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Wednesday, August 9, 2017

The Dinner 2017 * * 1/2 Stars

The DinnerDirector: Oren Moverman
Year: 2017
Rated R
Rating: * * 1/2 Stars
Cast: Richard Gere, Steve Coogan, Laura Linney

Steve Coogan and Richard Gere play Paul and Stan Lohman. They are brothers who have a strained relationship. Paul is a teacher who suffers from mental health issues. Stan is a congressman who is trying to get re-elected. Together, they bring their wives for a supper date at a swanky restaurant. That's the essence of The Dinner, my latest review.

Distributed by Front Row Filmed Entertainment and saddled with an ending that leaves your mind sitting on the edge of a cliff, The Dinner involves these men discussing how to cover up a murder that their sons were a part of. Heck, the Lohman family name is at stake. Title cards show stuff like "Cheese Course", "Appetizer", and "Main Course". Waiters spew off unrelenting descriptions of eccentric food items. Characters grovel with verbal eruptions between slurps of fine wine. Don't be fooled though. This flick is rarely about an actual dinner.

Drunk on it's own pretentiousness and its own darkly-lit, stylistic nature, The Dinner gets lost in flashbacks, meditations on the Battle of Gettysburg, and rambling plot tangents.  With a screenplay by director Oren Moverman that constantly recycles itself, The Dinner doesn't quite find its footing till the sledgehammering third act. By then, it exhausts and doesn't feel like something I would truly recommend. This is all despite volcanic, timed, and raw performances by Gere, Coogan, and Laura Linney (she plays Paul's Macbeth-type wife).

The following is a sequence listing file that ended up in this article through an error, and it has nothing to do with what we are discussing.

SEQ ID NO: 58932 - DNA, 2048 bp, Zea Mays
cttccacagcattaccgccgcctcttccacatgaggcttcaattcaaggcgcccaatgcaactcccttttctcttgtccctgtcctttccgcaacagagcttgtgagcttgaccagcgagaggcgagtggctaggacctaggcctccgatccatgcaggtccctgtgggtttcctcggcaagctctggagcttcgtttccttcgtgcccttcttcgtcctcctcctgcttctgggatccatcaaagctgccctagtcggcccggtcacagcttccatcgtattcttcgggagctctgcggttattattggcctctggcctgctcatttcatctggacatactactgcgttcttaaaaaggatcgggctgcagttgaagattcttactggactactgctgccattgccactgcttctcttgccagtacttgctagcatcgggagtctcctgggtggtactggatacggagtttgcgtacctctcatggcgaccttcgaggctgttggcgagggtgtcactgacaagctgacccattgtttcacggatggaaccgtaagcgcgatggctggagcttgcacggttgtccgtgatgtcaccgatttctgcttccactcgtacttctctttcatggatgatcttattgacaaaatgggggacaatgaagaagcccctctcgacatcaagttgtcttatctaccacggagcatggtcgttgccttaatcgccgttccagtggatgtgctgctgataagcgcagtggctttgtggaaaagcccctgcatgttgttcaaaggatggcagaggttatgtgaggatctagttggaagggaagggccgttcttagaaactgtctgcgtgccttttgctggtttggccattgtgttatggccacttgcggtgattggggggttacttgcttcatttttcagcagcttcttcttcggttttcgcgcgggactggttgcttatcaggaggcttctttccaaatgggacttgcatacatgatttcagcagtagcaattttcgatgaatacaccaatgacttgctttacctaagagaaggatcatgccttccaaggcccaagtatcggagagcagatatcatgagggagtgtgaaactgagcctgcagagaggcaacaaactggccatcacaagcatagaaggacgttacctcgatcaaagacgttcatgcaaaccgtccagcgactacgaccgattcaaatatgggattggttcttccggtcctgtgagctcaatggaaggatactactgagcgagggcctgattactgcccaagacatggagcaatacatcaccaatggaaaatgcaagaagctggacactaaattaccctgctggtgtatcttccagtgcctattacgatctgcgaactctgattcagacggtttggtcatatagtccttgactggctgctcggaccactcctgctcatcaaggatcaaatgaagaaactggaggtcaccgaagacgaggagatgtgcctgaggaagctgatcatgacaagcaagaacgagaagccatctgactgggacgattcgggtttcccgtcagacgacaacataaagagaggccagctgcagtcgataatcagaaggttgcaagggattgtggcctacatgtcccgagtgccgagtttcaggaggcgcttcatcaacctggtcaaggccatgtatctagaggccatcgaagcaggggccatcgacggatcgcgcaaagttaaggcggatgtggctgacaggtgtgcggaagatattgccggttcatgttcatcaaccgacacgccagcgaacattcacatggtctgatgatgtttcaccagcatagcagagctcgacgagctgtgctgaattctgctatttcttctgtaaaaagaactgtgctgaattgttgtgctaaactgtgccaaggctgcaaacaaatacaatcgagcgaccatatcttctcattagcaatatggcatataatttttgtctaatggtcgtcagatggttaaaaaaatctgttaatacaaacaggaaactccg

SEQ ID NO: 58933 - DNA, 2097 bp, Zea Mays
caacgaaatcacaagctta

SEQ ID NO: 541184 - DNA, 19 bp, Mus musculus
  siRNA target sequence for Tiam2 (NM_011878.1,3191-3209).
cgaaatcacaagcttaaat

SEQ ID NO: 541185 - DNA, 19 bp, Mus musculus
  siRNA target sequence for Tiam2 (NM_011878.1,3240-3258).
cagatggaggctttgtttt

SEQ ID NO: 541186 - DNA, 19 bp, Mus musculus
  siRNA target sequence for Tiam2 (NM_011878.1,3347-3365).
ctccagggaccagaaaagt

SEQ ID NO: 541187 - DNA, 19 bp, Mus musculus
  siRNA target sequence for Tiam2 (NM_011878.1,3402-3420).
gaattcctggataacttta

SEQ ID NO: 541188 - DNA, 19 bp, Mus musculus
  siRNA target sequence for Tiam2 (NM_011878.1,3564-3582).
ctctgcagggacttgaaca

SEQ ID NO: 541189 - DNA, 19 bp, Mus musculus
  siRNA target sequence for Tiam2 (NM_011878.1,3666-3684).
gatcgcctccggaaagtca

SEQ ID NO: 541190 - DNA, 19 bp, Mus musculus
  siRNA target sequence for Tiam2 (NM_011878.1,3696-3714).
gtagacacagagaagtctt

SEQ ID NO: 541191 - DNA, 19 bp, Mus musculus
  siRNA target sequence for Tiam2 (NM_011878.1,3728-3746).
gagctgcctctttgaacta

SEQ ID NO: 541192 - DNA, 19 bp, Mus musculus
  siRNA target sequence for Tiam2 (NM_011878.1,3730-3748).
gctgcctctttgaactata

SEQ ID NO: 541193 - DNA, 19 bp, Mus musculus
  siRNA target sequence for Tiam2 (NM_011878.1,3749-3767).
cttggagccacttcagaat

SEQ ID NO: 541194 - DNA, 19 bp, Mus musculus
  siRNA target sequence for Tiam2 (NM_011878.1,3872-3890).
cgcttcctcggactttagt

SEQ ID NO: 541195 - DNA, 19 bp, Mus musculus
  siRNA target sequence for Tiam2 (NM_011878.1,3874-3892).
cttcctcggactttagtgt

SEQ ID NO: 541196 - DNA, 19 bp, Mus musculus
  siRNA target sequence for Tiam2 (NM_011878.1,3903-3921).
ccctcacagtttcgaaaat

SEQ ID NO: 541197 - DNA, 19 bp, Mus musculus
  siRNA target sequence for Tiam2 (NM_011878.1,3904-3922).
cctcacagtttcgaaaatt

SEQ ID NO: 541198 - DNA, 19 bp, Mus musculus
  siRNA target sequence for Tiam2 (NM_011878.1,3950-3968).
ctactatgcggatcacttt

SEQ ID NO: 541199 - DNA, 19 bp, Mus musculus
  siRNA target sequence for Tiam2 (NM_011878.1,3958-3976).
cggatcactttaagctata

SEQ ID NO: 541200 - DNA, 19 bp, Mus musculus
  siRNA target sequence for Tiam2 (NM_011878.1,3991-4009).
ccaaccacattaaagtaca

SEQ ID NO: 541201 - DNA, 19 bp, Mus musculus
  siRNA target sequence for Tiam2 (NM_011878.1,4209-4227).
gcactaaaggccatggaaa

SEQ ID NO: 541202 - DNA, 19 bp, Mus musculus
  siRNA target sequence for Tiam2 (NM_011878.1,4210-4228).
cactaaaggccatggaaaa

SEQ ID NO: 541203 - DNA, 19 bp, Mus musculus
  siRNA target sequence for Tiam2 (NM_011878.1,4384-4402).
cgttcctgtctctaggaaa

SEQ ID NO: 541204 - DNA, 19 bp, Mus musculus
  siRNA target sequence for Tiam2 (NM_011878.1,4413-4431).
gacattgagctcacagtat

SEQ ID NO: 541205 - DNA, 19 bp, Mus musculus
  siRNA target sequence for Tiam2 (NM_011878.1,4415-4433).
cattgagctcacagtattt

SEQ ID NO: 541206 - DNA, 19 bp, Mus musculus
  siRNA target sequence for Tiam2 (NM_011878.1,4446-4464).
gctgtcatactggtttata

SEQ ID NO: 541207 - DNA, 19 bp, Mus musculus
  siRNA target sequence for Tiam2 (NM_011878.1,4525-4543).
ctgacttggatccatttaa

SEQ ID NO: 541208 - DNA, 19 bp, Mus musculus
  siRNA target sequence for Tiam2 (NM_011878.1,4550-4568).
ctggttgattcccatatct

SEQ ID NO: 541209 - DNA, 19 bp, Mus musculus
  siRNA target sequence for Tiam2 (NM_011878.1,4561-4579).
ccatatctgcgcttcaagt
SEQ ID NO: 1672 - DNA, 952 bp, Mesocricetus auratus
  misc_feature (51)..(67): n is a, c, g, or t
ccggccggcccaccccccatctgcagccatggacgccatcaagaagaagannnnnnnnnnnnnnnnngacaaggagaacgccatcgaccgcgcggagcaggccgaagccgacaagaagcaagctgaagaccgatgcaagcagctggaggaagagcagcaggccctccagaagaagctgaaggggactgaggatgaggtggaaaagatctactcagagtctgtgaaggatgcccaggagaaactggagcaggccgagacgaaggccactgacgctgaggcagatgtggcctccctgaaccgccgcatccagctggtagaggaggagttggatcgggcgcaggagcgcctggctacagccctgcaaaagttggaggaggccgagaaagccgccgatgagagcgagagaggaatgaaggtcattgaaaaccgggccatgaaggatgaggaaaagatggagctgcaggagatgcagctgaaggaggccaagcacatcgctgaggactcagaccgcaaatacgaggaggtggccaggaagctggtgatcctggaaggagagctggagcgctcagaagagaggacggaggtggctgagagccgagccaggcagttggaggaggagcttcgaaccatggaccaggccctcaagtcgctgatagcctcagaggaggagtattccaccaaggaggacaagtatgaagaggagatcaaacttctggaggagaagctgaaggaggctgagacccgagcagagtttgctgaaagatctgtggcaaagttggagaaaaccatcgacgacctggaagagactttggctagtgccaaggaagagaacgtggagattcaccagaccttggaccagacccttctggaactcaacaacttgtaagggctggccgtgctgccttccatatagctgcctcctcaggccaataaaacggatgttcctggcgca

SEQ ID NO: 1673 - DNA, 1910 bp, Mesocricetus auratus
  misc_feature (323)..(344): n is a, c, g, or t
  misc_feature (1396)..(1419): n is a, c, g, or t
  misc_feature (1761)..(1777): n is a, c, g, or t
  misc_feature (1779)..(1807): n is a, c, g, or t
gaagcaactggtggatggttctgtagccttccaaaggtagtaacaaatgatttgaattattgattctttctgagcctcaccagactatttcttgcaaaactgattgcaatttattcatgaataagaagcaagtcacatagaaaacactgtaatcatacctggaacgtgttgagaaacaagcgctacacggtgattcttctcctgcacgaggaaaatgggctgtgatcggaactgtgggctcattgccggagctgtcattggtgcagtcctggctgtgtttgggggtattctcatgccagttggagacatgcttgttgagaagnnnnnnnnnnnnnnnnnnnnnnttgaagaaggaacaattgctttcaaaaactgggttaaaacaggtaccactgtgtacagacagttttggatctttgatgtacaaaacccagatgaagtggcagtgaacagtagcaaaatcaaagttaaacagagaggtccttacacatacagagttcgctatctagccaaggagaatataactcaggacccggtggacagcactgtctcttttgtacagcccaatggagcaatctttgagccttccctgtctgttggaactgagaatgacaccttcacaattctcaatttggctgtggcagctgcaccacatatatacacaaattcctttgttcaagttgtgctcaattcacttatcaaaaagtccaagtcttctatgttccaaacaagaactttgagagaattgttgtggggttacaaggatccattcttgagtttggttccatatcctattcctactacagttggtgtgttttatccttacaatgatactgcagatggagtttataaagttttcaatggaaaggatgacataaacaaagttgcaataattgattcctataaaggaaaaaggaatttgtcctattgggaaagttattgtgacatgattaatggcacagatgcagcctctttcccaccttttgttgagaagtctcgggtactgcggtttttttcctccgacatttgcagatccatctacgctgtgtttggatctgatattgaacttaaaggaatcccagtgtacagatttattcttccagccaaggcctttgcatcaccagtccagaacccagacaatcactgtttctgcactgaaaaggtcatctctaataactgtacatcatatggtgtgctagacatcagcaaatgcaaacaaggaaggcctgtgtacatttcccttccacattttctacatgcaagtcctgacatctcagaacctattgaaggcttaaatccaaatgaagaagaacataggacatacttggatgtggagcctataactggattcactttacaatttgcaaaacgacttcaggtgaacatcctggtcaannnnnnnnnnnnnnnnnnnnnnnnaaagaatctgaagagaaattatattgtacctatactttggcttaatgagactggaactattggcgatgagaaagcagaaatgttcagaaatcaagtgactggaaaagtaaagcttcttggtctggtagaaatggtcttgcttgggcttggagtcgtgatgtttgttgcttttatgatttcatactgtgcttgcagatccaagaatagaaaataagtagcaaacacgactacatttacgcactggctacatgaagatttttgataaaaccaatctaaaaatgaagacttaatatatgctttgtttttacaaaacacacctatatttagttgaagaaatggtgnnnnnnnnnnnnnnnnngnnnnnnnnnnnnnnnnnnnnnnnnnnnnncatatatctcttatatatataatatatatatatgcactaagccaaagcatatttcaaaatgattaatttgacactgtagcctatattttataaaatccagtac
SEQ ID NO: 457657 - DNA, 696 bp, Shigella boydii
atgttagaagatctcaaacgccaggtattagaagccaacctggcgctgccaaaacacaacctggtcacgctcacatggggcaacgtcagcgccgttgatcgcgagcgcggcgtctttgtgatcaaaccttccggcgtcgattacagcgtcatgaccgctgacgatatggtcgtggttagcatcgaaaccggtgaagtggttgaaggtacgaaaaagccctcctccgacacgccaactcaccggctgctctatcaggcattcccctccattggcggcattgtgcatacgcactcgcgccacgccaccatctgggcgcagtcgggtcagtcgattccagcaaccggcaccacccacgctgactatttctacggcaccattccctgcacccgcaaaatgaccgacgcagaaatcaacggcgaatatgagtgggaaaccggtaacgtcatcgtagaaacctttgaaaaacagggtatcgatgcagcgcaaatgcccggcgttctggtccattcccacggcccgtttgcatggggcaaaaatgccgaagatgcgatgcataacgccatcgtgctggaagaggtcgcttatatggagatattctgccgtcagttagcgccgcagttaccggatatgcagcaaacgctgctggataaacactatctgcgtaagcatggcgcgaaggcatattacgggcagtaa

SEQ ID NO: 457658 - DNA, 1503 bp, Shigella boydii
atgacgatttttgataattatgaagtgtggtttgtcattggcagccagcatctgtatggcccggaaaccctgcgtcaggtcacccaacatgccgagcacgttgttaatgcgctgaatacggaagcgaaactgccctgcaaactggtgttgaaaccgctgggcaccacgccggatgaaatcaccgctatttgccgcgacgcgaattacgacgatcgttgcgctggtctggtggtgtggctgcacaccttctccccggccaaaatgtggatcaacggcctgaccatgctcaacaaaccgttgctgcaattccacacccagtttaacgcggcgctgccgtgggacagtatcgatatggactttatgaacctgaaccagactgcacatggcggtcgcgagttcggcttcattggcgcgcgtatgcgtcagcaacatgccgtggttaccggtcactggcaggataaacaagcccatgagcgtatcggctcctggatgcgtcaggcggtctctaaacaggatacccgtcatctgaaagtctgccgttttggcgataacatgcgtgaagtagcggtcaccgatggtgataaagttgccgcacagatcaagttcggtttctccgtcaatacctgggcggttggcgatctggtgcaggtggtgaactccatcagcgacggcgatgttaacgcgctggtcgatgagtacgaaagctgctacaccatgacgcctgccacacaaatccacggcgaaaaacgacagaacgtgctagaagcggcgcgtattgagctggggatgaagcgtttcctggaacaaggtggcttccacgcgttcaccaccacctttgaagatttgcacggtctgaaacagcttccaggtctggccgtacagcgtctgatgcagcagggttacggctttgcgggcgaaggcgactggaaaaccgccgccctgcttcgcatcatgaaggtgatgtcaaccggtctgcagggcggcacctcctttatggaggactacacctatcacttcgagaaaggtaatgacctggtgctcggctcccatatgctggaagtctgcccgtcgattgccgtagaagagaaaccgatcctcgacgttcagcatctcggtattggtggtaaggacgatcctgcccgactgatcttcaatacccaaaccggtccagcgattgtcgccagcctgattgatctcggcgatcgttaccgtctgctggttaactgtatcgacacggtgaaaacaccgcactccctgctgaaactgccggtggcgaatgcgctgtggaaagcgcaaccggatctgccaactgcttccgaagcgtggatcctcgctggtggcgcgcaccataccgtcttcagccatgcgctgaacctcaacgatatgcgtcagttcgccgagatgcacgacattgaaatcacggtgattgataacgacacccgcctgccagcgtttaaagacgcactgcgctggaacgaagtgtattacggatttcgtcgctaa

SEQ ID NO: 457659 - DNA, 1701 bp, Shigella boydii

Image result for the dinner 2017 movie scenesNow the one thing that came to me early on in The Dinner, was that this is the first time I've seen Richard Gere and Linney in a vehicle together since Primal Fear (for the record, I've never viewed 2002's The Mothman Prophecies). For myself, the reunion was surreal but mildly bittersweet.

Bottom line: The Dinner is a cinematic meal that digests hard and almost cleanses your palate. Its running time is a total of two straight hours. Jotting between a couple of main narratives, it all feels like an adroit Woody Allen film coupled with a touch of Nicolas Jarecki and a grain of morose and violent, family dis-functionality. Adrift and dour, The Dinner sans progression and takes its sweet time to tell an actual story. 120 minutes could've been trimmed by at least thirty. My rating: 2 and a half stars.

Written by Jesse Burleson

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